Home » Some Countries Tell Their Citizens To Apply Handbrakes In Traffic And It’s For A Baffling Reason

Some Countries Tell Their Citizens To Apply Handbrakes In Traffic And It’s For A Baffling Reason

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I think perhaps the biggest thing the internet has done for human society is that is has made everyone in the world into roommates. We’re now in a position where we can know all sorts of absurd details and opinions about people we’ve never met, and be baffled by these opinions from half a world away. Everyone on Earth has the potential to be a weird, rarely seen roommate now, casually dropping strange statements and confusing opinions that make us all wonder, with surprising intensity, just what is the deal with that weirdo? A bit of this magic happened just the other day, when, unbidden, someone on the Internet tweeted angrily about brake lights in a way that puzzled much of the driving world. Let’s talk about this.

Here’s the tweet in question, which has been making the rounds on car twitter and has come to me from a number of sources:

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Now, if you’re like most of us, you’re probably looking at that picture with confusion. What, exactly, is wrong here? People are stopped at a red light. That’s how that’s supposed to work, isn’t it? The guy said something about a “hat-trick” which is sports-talk for three goals or related triumphs, so that must mean the three people stopped there. So why did it take “every bone in [his] body to not put main beams on” to presumably retaliate against those three drivers? What did they do?

Well, here’s their crime: they have their feet on their brake pedals while stopped.

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The reason the tweeter feels this is bad is because they find the glow of the brake lights unpleasant or distracting, it seems. And, okay, I guess some brake lights can be bright, but who doesn’t keep their feet on the brake when stopped at a light? I can’t ever recall thinking of a time I’ve been dazzled by brake lights – they’re not high beams, after all – but I’m sure it’s possible, but at the same time, there are benefits to it, too.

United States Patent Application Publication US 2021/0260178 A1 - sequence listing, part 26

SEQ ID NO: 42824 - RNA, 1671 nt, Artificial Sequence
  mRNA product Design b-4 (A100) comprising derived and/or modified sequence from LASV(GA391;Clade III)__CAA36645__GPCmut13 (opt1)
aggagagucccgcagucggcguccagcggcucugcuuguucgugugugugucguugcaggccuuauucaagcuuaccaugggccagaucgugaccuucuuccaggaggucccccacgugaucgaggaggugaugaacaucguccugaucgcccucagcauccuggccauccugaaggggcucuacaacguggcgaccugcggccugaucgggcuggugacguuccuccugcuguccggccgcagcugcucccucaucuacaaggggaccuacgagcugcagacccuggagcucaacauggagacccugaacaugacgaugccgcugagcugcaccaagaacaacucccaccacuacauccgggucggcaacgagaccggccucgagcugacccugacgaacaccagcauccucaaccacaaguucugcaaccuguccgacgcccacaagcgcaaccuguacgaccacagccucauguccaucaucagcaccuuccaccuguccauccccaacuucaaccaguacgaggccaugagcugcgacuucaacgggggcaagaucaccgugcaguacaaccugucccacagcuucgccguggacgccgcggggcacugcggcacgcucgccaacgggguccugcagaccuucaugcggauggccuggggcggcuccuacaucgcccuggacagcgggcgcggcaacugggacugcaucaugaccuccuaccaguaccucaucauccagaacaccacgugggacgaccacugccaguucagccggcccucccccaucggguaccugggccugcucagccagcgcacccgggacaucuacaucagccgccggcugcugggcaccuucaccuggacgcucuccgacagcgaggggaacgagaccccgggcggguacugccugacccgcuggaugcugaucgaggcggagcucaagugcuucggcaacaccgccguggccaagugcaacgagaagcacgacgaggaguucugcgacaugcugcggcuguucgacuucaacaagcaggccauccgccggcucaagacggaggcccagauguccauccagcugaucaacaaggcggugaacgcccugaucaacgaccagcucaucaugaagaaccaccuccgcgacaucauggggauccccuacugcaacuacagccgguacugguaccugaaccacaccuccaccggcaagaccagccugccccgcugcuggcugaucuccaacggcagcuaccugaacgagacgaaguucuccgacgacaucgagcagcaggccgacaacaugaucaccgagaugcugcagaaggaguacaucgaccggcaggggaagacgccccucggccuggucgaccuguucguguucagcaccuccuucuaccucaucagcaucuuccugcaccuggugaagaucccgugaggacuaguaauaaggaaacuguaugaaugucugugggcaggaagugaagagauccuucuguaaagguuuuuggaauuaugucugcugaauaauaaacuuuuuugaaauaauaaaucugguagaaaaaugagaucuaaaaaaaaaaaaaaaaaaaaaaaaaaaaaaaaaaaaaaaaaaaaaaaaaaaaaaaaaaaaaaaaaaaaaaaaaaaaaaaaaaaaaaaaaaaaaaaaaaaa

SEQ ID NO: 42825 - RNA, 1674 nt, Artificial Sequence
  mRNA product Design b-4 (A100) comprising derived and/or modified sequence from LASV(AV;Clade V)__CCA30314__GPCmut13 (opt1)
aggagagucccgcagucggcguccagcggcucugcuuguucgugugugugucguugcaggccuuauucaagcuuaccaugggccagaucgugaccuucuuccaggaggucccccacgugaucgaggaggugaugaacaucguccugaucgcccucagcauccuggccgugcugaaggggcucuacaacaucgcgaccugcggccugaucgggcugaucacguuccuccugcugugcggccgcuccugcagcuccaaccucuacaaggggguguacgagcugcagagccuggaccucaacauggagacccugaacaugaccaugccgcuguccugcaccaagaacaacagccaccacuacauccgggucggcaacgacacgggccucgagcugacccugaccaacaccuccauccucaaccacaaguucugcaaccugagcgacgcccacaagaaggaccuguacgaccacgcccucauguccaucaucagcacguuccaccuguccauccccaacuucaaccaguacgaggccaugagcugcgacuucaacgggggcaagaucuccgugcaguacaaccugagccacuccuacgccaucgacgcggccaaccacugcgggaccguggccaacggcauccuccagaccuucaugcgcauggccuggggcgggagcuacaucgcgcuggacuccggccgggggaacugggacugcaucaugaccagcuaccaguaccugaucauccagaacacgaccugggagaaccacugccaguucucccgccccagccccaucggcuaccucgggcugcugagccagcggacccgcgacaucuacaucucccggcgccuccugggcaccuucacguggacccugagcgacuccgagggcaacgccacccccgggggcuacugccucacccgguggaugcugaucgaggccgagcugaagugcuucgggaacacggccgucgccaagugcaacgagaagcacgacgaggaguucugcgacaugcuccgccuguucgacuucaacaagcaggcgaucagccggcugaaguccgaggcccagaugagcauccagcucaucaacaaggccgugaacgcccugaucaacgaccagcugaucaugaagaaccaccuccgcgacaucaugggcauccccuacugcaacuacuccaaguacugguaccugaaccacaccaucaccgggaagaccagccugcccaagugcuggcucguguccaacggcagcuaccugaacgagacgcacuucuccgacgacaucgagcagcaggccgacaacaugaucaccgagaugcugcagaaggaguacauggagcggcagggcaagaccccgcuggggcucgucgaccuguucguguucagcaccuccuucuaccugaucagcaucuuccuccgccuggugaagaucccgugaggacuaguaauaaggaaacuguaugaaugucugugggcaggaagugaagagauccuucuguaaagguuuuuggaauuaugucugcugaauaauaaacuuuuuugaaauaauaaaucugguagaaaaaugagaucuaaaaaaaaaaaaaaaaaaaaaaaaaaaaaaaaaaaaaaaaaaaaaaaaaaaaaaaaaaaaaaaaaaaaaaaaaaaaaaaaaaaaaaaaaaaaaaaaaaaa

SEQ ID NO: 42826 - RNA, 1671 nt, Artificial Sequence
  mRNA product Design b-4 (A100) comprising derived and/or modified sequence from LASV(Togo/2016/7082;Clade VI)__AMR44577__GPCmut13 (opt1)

In an automatic, do you really need to be shifting from D to P every time you come to a traffic light? That seems ridiculous, and potentially annoying to other drivers behind you, who would probably rather you actually start moving right when the light turns green instead of waiting for you to shift back into gear, a process that will, assuming the standard PRNDL layout, flash your reverse lights at the people behind you, which is more likely to cause annoyance than the brake lights that indicate you understand how traffic lights work.

In a manual, I guess you could pull your parking brake, but, again, why? You’re stopped. That’s an ideal time to be illuminating the lights that warn people behind you you’re not moving, because you’re not, and you’re in an active traffic lane, so let people know that!

I’m really baffled by this one. If you can’t deal with an occasional bright light, maybe night driving isn’t your thing? Roads at night are positively full of bright lights: the traffic lights themselves, street lights, advertising signage, flashing yellow construction warning lamps, highly energetic fireflies, headlights of oncoming cars, you name it.

This just seems such a strange thing to get worked up about, right? It’s not just me? This is from the UK, so perhaps it’s more of a thing there. In fact, it is mentioned in the UK Highway code:

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“In stationary queues of traffic, drivers should apply the parking brake and, once the following traffic has stopped, take their foot off the footbrake to deactivate the vehicle brake lights. This will minimise glare to road users behind until the traffic moves again.”

Here’s a post from “The Official Highway Code,” which “applies to England, Scotland and Wales”:

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Reactions to that post are mixed:

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Huh. Okay. What’s odd about this is that I’m all but certain this code was written in a pre-LED era where brake lights were feeble 12V (or even 6V) bulbs behind likely grimy red plastic, so the idea of being dazzled by the brake lights of a Ford Cortina or an Riley Elf seems a little far fetched to me, but who knows. These same rules also suggest not using headlights at all on roads with street lighting:

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  • “use headlights at night, except on a road which has lit street lighting. These roads are generally restricted to a speed limit of 30 mph (48 km/h) unless otherwise specified”

So, you know, maybe there’s a greater fear of light-dazzling in the UK than I realized. Like, a pathological fear.

But this Reddit thread implies that Australia and New Zealand have similar things in their drivers’ codes. (I haven’t been able to confirm). It’s all a bit bizarre.

Am I out of line, here? I’ve never driven with anyone who takes their car out of gear and puts it in park or pulls the handbrake at stoplights. Ever. I mean, you usually have no idea how long the light will be? You may just be there like 11 seconds! I’m sure on flat roads I’ve sometimes taken my foot off the brake, but unless I’m feeling really lazy or it’s an absurdly long light, I’ll keep it in gear and the clutch down.